Cherries were among the first crops planted when America was settled during the 1600s, and they continue to be a major crop in the country. The tiny fruits are low in calories and contain a healthy dose of fiber and key vitamins and minerals, which provide benefits for your overall health and well-being.
A 1-cup serving of fresh cherries without pits supplies 10.8 milligrams toward the 75 to 90 milligrams of vitamin C you require each day. Vitamin C helps fight infections and keeps your skin and teeth healthy. The same serving of fresh cherries contains small doses of vitamin A for your eyes, folate for DNA production and vitamin K to help clot your blood.
Fresh cherries supply 342 milligrams of potassium toward your daily goal of 4,700 milligrams. Potassium is essential for heart and muscle function, as well as normal digestion. You get small doses of calcium for teeth and bones, zinc for wound healing and iron for red blood cell production. Cherries are a nutritious source of copper as well. Copper works with iron to make red blood cells. The mineral supports the health and function of your blood vessels, nerves and bones. Copper also boosts your immune system.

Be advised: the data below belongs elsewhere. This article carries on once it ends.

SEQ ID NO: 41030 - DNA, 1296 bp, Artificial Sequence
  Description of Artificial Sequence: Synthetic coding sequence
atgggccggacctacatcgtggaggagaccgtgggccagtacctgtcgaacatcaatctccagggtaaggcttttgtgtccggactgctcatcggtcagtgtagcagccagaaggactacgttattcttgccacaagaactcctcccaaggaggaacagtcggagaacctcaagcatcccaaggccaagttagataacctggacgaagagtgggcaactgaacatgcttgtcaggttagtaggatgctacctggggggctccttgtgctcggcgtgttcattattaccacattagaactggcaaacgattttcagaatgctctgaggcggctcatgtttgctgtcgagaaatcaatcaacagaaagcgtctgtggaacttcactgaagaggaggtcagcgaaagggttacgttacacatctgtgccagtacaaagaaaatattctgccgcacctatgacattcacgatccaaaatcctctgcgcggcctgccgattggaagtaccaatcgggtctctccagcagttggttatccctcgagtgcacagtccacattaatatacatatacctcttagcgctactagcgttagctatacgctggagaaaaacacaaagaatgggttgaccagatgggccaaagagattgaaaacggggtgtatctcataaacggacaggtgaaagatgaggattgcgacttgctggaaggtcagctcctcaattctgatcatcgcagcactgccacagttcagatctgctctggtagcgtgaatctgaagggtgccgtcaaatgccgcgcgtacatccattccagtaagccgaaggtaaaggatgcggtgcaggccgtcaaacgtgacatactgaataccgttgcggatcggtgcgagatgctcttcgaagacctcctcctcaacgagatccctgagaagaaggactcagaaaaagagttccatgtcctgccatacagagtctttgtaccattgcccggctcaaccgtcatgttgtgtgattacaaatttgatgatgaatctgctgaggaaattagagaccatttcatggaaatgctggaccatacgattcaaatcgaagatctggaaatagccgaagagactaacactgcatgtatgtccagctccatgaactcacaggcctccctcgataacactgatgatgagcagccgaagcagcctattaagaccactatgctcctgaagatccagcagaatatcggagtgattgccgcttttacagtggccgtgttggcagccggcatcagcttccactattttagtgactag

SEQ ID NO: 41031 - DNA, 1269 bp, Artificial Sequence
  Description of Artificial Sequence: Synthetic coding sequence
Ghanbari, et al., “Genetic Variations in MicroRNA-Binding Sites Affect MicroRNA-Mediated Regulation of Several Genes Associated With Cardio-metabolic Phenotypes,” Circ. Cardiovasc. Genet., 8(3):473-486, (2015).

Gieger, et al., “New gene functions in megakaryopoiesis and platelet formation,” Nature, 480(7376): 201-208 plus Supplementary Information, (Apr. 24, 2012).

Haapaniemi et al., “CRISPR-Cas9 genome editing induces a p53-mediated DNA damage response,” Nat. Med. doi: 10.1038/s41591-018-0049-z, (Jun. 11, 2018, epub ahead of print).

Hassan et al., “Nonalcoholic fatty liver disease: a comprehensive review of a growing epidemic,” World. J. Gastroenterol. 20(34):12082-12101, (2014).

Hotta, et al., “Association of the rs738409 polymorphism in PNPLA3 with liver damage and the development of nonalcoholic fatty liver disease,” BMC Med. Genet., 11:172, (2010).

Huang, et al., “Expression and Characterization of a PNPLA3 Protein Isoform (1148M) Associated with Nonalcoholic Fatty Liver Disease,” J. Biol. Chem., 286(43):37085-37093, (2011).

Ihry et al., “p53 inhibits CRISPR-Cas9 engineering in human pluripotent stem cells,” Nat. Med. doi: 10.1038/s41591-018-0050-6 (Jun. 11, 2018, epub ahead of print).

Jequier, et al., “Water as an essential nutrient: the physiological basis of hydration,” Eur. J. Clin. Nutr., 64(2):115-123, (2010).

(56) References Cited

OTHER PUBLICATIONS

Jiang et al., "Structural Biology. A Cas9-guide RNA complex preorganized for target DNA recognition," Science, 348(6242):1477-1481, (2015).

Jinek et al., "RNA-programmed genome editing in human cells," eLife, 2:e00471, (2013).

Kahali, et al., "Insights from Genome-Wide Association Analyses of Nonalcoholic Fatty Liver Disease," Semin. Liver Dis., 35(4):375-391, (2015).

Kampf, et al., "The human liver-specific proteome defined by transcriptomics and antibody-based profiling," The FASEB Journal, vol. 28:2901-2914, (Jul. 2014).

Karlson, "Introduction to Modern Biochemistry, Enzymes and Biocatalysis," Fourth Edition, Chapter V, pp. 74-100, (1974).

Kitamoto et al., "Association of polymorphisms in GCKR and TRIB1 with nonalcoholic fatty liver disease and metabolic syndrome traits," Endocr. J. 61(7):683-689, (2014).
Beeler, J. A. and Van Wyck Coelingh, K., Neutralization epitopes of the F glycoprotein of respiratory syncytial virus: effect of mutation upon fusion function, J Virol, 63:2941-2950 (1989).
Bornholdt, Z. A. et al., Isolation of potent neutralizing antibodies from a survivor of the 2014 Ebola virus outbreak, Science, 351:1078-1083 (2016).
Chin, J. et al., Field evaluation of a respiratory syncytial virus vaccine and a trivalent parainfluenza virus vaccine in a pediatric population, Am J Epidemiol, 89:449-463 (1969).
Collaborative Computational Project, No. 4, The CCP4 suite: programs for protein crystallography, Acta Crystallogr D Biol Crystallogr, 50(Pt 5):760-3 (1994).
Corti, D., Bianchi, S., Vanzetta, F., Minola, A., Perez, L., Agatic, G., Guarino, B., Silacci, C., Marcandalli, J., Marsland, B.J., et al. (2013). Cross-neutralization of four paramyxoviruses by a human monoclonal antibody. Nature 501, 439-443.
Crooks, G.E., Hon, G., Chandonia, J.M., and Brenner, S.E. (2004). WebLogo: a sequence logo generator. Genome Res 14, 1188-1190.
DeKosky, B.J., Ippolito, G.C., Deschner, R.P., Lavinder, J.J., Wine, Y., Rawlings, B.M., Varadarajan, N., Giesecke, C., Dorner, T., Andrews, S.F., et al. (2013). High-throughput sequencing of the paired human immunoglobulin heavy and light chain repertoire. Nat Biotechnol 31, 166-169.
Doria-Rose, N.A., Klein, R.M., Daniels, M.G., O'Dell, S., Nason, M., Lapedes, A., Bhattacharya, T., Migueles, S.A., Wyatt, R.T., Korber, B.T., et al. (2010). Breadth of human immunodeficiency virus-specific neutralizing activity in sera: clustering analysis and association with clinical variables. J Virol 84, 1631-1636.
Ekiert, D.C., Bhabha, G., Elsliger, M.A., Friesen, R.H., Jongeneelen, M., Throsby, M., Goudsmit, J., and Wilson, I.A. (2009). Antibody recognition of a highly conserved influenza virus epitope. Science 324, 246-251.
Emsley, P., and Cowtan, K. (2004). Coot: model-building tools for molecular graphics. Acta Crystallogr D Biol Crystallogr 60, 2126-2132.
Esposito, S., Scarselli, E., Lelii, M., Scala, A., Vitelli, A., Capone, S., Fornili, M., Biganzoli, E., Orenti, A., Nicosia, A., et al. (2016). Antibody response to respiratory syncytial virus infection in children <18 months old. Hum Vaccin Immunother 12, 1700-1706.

The dark red color of cherries comes from anthocyanidins and proanthocyanidins, which are compounds that help decrease inflammation in your body, according to Michael T. Murray, author of “The Condensed Encyclopedia of Healing Foods.” A 2006 article published in the “Journal of Nutrition” reports that Bing cherries can reduce inflammation associated with cardiovascular disease and stroke. The study also suggests that eating cherries can lower your cholesterol. The beneficial compounds in cherries can ease the discomfort of arthritis as well, according to the U.S. Department of Agriculture Agricultural Research Service.